```// **************************************************************************
//
//    eses                   eses
//   eses                     eses
//  eses    eseses  esesese    eses   Embedded Systems Group
//  ese    ese  ese ese         ese
//  ese    eseseses eseseses    ese   Department of Computer Science
//  eses   eses          ese   eses
//   eses   eseses  eseseses  eses    University of Kaiserslautern
//    eses                   eses
//
// **************************************************************************
//
//  Connect Four (Vier Gewinnt)
//
// Here is a short summary of [Alli88], where many important observations
// on the Connect-Four game were made.
//
// The first result is that player White has no winning strategy on boards
// with 2n rows and m<=6 columns, since the following rules form a strategy
// for player Black to prevent White from winning (stated for 6 columns):
//
//   (1) If White inserts a man in one of the columns {1,2,5,6} at row r,
//       put a man in the same column at row r+1.
//   (2) If White inserts a man in one of the columns {3,4} at row 1,
//       put a man in the other column at row 1.
//   (3) If White inserts a man in one of the columns {3,4} at row r>1,
//       put a man in the same column at row r+1.
//
// Using these rules, Black will have the fields with even rows in columns {1,2,5,6}
// and one of the columns in {3,4}, and the fields with odd rows in the other column
// of {3,4}. Thus, player White can not have four connected men.
//
// The above strategy is essentially based on the follow-up rule, which means that
// the same column is selected. This way, vertical groups are directly prevented,
// and if also horizontal ones are disturbed in some way, there is only the chance
// to achieve diagonal groups. However, this is also not possible if the follow-up
// rule is played accordingly. Hence, the question concentrates on disturbing the
// construction of a horizontal group while following the follow-up rule...
//
// The follow-up rule tells us furthermore that one of the players can occupy all
// the even fields and the other one the odd fields if the number of empty fields
// is even. Thus, if a special square is wanted, one can play the follow-up
// strategy to finally receive that square...
//
// Black can also use a follow-up strategy to prevent White from winning on a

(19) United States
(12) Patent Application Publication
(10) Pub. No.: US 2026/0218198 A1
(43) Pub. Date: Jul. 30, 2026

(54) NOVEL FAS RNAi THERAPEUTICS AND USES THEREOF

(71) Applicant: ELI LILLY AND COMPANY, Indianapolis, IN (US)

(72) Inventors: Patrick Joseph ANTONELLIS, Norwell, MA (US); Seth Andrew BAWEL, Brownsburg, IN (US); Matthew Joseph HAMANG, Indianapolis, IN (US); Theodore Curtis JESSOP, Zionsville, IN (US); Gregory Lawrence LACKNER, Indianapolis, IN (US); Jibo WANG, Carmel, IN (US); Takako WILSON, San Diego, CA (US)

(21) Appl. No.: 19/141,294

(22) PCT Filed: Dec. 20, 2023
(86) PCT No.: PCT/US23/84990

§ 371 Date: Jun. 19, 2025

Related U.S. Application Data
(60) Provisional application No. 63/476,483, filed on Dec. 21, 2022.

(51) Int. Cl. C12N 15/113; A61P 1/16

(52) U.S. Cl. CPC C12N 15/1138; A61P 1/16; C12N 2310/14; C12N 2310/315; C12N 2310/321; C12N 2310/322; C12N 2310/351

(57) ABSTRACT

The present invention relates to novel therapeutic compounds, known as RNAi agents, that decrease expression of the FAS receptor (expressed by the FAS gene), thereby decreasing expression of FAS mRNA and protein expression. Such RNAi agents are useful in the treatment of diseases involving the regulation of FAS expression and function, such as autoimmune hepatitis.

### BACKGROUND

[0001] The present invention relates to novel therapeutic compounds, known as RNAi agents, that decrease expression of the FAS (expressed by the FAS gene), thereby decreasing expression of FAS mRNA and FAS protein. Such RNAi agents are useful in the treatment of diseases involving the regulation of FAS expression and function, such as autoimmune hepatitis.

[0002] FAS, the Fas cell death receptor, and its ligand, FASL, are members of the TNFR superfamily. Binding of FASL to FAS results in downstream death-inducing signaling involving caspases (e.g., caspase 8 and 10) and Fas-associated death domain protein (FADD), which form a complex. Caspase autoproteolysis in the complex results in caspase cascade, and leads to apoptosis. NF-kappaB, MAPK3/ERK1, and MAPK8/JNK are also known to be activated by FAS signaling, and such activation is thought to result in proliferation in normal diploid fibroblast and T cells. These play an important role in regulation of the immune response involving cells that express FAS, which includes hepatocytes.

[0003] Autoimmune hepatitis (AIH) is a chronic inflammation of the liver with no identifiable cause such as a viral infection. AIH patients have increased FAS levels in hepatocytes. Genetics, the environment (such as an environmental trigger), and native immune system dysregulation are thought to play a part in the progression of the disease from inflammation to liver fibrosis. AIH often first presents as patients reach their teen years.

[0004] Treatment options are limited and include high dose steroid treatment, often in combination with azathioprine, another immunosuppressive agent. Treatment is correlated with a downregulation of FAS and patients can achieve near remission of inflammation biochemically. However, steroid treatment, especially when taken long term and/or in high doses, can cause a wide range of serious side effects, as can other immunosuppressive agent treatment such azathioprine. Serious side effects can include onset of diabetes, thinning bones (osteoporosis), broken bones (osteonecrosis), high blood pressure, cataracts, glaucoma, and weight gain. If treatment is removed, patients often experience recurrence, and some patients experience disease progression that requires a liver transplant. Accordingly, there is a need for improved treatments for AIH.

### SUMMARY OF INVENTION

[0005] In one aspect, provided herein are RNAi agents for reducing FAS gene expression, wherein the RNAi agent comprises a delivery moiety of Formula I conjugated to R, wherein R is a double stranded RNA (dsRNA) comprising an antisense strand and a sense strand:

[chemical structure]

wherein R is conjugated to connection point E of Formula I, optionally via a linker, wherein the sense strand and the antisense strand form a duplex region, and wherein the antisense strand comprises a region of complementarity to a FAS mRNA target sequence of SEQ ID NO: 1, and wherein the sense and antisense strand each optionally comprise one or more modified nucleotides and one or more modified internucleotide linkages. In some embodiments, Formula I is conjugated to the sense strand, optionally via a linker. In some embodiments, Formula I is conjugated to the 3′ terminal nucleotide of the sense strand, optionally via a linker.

// 2n x 7 board if White does not start the game in the middle column.
//
//
// However, this does not mean that player Black has a strategy to win. Using
// brute-force state space traversals, we found that player Black has a winning
// strategy on the 4x6 board, but not on the 4x4 and 4x5 boards. On the 4x5 board,
// however, player Black has two winning states of the five possible states that
// appear after the first move (of player White) in the game (these are the
// corner fields). Hence, Black has still good chances to win on the 4x5 board
// as well.
//
// Moreover, [Alli88] shows that player White has a winning strategy on the
// 6x7 board if White follows the following rules:
//
//   (1) If there is a winning move, make it.
//   (2) If the opponent can win at a square by his next move, play that move first.
//   (3) Taking the central square is more important than other fields.
//   (4) Taking corner squares is more important than taking squares on the edges.
//
// It has been shown in [Alli88] that White has no winning strategy on a 4x7 board,
// but it has a winning strategy on a 6x7 board. Moreover, it is easily seen that
// White will only save its winning strategy by first inserting a man in the middle
// column 3. Otherwise, Black can play the follow-up strategy together with a strategy
// to disturb the construction of horizontal groups, and therefore is able to prevent
// White from winning.
// ------------------------------------------------------------

package ConnectFour;

import ConnectFour.*;

macro rows = 4;
macro cols = 6;

module ConnectFour(
nat{cols} col_black, ?col_white,
[cols][rows]bool black, [cols()][rows()]bool white,
event blackHasWon, event whiteHasWon, bool turnWhite,
nat{cols} c, nat{rows} r, nat{rows()} !mr) {
do {
c = (turnWhite?col_white:col_black);
// check whether selected row is already full
if( !(black[c][rows-1] | white[c][rows-1]) ) {
// find the least free row r in column c
if(not(black[c][0] or white[c][0]))
r = 0;
else
for( i=1 .. rows-1 )
if(black[c][i-1] or white[c][i-1])
if(not(black[c][i] or white[c][i]))
r = i;
// insert coin in field [c][r] and check winning cond.
if(turnWhite) {
next(white[c][r]) = true;
HasWon(white,c,r,whiteHasWon);
} else {
next(black[c][r]) = true;
HasWon(black,c,r,blackHasWon);
}
// toggle turn variable
next(turnWhite) = !turnWhite;
}
pause;
} while(!(blackHasWon | whiteHasWon));
}
```